Jean Charlot (French, 1898-1979), Snake and Fijian "Tabua", 1965, oil – Lofty Marketplace
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Jean Charlot (French, 1898-1979), Snake and Fijian "Tabua", 1965, oil on board, signed and dated

Jean Charlot (French, 1898-1979), Snake and Fijian "Tabua", 1965, oil on board, signed and dated

Item Description:

Snake and Fijian "Tabua" (whale tooth), oil on board, signed, dedicated and dated (scratched) lower left "For Manu/Jean Charlot/1965", framed


The varnish is partly blooming. Painting could benefit from cleaning and conservation. Please contact for specific condition questions. Not examined out of the frame. Lofty does not guarantee the condition or authenticity of frames.


Private collection, Florida

Purchased from the above by the current owner ca. 2005


Height 10 in. x Width 14 in. (sight)

Height 11.25 in. x Width 15.25 in. (frame)

About The Artist:

Jean Charlot was born in Paris, France, in 1898 to an ethnically diverse and artistic family. His father, a businessman, was of French descent but grew up in Russia. His grandfather was of French and Indian descent and immigrated to France from Mexico City with his wife, a Jewish woman of Spanish descent. His mother, Anna, was also an artist, and his great-uncle Eugene Goupil collected Mexican and pre-Columbian ethnographic objects.

After studying at the Lyee Condorcet and the Ecole des Beaux Arts in Paris, Charlot began his artistic career as a liturgical mural artist, but after World War I, seeking a change, he moved to Mexico with his mother, where he worked as an assistant to the muralist Diego Rivera. In addition to murals, Charlot painted portraits of his friends from this period, including David Alfaro Siquerios, Manuel Matinez Pinato, Jose Clemente Orozco, Xavier Guerro, Henrietta Shore, and Edward Weston. Later, he moved to the United States, where he painted notable religious murals in New York and continued to paint murals after settling in Hawaii, where he died in 1979.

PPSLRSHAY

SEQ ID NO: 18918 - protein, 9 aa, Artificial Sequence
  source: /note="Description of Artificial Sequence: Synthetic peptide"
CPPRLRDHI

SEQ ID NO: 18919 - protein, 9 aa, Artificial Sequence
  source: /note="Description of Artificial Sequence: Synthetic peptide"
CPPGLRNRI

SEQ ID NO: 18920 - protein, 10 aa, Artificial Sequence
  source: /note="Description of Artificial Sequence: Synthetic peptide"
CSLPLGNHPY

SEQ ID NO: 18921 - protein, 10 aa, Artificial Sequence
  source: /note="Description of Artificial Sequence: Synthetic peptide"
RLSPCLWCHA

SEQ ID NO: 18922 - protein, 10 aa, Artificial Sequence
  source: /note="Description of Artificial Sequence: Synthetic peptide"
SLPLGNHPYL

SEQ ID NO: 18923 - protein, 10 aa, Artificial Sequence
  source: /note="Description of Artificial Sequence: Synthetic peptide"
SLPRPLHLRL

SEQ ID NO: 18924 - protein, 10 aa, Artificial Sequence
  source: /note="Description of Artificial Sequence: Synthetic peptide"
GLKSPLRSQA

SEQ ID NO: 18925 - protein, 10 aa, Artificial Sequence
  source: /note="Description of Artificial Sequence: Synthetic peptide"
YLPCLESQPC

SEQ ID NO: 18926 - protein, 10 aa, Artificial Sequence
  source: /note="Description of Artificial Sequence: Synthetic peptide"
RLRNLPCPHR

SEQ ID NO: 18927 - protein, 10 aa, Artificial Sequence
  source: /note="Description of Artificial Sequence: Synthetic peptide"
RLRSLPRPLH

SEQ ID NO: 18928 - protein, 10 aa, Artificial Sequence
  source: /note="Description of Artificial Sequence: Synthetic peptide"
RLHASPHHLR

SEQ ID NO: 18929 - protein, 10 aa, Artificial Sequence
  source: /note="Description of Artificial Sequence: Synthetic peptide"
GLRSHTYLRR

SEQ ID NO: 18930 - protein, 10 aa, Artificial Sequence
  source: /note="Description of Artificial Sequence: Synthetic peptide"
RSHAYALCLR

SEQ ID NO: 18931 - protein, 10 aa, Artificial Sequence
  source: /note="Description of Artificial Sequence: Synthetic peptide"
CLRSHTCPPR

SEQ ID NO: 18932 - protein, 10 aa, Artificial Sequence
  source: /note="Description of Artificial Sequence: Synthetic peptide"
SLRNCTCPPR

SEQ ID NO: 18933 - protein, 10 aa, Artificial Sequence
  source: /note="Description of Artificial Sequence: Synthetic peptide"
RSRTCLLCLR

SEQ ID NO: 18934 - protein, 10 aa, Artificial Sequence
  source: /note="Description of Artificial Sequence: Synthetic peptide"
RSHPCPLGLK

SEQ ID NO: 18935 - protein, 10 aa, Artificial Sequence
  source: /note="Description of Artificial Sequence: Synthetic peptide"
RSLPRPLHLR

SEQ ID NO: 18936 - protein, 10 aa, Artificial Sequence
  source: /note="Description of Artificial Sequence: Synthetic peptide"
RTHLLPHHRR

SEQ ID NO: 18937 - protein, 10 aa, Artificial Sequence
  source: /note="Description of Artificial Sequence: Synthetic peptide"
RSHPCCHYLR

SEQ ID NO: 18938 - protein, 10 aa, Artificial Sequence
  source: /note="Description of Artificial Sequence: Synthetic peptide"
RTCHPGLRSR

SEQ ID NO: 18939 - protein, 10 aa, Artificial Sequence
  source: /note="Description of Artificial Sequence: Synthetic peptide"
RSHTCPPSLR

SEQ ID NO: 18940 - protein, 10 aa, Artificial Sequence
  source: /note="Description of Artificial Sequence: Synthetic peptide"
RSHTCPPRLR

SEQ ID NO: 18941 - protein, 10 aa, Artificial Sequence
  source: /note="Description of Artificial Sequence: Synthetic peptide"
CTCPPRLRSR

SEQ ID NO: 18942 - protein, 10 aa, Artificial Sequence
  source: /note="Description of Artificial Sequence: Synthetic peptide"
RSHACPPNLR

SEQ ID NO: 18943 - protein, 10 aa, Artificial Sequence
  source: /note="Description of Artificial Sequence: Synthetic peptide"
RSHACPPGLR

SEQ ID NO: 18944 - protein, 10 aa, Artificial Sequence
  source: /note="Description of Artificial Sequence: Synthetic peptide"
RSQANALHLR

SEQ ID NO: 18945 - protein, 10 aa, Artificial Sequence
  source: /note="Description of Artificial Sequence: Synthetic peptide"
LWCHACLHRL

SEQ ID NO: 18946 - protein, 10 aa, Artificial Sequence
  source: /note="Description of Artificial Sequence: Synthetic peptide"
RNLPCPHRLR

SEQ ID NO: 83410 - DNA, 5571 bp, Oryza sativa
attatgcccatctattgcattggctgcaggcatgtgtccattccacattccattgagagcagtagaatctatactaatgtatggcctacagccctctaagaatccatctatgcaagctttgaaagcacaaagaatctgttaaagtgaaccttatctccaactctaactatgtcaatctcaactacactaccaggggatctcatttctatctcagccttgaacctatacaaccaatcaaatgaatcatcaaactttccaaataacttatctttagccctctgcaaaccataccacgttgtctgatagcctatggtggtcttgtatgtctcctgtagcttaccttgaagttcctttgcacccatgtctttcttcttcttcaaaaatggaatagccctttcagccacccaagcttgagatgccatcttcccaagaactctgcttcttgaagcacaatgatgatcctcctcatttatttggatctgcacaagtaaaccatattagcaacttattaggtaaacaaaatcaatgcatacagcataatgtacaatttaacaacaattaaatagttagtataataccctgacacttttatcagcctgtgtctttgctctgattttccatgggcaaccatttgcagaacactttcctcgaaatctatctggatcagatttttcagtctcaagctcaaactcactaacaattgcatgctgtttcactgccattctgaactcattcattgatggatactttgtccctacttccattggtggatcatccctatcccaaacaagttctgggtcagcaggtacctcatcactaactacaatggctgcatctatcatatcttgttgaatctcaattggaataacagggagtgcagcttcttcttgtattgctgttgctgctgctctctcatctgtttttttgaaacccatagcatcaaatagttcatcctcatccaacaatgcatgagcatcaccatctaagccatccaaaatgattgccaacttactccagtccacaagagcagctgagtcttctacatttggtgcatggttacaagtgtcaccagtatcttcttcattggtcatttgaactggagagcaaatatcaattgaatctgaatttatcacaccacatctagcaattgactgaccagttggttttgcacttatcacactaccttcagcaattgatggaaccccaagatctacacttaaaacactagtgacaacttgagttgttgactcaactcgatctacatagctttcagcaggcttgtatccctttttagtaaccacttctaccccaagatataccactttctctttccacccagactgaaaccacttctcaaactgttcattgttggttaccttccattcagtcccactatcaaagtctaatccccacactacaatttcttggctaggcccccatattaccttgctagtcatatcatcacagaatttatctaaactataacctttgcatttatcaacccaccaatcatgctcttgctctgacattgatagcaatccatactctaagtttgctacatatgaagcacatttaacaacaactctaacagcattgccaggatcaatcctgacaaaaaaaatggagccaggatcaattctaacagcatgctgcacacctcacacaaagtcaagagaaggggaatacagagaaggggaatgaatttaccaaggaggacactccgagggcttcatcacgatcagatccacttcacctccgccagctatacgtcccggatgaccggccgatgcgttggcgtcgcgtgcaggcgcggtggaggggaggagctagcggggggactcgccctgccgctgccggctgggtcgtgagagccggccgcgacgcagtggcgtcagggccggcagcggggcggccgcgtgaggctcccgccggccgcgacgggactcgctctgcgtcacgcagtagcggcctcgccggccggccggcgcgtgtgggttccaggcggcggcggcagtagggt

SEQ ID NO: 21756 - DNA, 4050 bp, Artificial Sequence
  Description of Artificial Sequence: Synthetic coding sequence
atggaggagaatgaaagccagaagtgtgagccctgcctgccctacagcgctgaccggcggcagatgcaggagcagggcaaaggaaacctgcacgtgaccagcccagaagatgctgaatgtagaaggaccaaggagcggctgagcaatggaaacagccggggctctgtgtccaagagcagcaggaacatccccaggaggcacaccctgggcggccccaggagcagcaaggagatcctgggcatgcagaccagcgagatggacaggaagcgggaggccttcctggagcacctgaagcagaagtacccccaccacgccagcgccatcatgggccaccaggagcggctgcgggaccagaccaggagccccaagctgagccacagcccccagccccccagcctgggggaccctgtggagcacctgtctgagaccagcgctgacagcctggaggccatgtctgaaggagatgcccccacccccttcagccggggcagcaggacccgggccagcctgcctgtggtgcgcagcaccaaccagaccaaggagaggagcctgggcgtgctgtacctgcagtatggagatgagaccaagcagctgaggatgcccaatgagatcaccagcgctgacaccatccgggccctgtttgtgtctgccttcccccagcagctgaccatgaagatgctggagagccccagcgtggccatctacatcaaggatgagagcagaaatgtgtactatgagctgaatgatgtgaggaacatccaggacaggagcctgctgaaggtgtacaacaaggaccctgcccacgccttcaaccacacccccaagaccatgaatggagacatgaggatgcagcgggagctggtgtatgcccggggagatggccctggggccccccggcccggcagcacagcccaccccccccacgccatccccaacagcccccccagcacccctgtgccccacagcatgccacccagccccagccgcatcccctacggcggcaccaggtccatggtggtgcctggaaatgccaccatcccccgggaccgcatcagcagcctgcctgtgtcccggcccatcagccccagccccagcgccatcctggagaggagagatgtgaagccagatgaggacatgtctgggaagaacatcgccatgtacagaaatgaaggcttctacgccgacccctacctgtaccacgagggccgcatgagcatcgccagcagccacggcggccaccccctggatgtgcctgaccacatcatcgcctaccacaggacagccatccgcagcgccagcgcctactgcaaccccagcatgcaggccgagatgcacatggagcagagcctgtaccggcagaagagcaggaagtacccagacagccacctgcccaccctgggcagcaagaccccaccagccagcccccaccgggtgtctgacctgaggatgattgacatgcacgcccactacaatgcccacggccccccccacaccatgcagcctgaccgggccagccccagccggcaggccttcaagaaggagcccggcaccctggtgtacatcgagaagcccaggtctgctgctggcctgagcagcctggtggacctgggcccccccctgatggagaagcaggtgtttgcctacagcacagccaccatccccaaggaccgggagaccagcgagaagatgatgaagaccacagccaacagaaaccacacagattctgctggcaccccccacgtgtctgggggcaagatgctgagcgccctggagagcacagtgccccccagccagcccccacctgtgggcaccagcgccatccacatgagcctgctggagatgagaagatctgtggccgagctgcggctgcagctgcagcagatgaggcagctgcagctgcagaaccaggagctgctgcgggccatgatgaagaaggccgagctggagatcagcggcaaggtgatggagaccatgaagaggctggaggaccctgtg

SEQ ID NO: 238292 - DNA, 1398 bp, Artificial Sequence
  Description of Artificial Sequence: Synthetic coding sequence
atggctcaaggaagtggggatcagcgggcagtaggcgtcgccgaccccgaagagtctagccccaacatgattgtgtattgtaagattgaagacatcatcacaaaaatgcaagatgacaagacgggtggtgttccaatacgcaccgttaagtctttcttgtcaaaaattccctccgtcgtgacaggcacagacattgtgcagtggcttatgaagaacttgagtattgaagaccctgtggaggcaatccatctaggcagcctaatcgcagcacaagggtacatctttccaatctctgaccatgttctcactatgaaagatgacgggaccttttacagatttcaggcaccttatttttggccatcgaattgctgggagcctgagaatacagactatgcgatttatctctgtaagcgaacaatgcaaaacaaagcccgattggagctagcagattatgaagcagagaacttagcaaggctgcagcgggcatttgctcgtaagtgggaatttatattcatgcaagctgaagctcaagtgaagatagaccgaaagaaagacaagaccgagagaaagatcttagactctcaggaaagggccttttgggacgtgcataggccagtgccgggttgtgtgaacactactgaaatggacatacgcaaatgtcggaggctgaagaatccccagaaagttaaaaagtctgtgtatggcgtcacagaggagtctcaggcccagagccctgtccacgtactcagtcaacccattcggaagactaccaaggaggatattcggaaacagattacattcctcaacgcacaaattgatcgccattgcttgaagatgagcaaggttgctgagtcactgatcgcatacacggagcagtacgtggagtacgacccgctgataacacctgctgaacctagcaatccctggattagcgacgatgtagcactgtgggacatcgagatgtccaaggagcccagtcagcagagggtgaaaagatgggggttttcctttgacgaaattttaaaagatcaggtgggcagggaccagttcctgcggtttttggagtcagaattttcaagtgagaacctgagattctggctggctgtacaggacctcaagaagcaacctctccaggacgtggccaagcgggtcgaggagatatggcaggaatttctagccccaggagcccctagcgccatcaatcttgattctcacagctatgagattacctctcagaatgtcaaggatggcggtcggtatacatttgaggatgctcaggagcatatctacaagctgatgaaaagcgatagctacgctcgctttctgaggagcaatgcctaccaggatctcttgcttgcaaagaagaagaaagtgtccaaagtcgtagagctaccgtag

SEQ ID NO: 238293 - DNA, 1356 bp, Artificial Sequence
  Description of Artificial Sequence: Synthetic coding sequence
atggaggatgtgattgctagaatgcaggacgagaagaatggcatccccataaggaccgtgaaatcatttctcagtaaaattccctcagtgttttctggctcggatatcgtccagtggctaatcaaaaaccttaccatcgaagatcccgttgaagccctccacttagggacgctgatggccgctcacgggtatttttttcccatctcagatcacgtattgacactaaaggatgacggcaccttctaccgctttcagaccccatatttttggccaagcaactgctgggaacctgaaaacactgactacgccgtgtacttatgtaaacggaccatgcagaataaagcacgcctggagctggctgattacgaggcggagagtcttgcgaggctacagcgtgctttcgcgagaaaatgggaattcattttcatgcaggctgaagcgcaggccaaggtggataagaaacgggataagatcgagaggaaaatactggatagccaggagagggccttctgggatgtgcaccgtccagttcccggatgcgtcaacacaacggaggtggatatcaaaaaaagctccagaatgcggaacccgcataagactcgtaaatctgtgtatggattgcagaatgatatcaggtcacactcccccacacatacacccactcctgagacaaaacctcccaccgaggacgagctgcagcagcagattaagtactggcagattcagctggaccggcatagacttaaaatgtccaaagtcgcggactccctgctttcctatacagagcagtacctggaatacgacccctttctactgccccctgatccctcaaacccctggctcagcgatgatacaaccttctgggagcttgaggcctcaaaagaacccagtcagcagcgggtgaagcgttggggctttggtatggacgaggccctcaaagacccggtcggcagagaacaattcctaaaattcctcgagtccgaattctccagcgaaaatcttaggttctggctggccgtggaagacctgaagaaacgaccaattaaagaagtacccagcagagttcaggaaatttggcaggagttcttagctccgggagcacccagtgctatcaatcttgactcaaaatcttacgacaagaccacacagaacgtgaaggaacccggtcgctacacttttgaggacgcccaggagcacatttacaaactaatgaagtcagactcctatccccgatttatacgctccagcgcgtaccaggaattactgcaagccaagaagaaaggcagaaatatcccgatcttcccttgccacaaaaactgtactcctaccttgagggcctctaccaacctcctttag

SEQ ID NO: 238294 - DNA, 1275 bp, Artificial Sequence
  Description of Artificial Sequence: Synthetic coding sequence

Charlot’s body of work is characterized by a sincere interest in religion and diverse ethnography. The origins of his interest in Fiji could perhaps be traced to his 1963 trip to the islands, where he painted “Black Christ and Worshippers” and the side panels “St. Joseph’s Workshop” and “The Anunciation” at the St. Francis Xavier Church at Naiserelagi. In 1972, he created “Picture Book II,” a lithographic portfolio of Mexican, Hawaiian, and Fijian religious motifs, and several more silkscreens with Fijian scenes.

This painting depicts the sacred Fijian tabua, a polished sperm whale tooth that symbolizes goodwill, peace, and a sacred bond. To exchange a tabua in traditional Fijian culture is regarded as a great honor. Tabuas are exchanged at ceremonies associated with weddings, births, deaths, personal or communal agreements, and tribal occasions.


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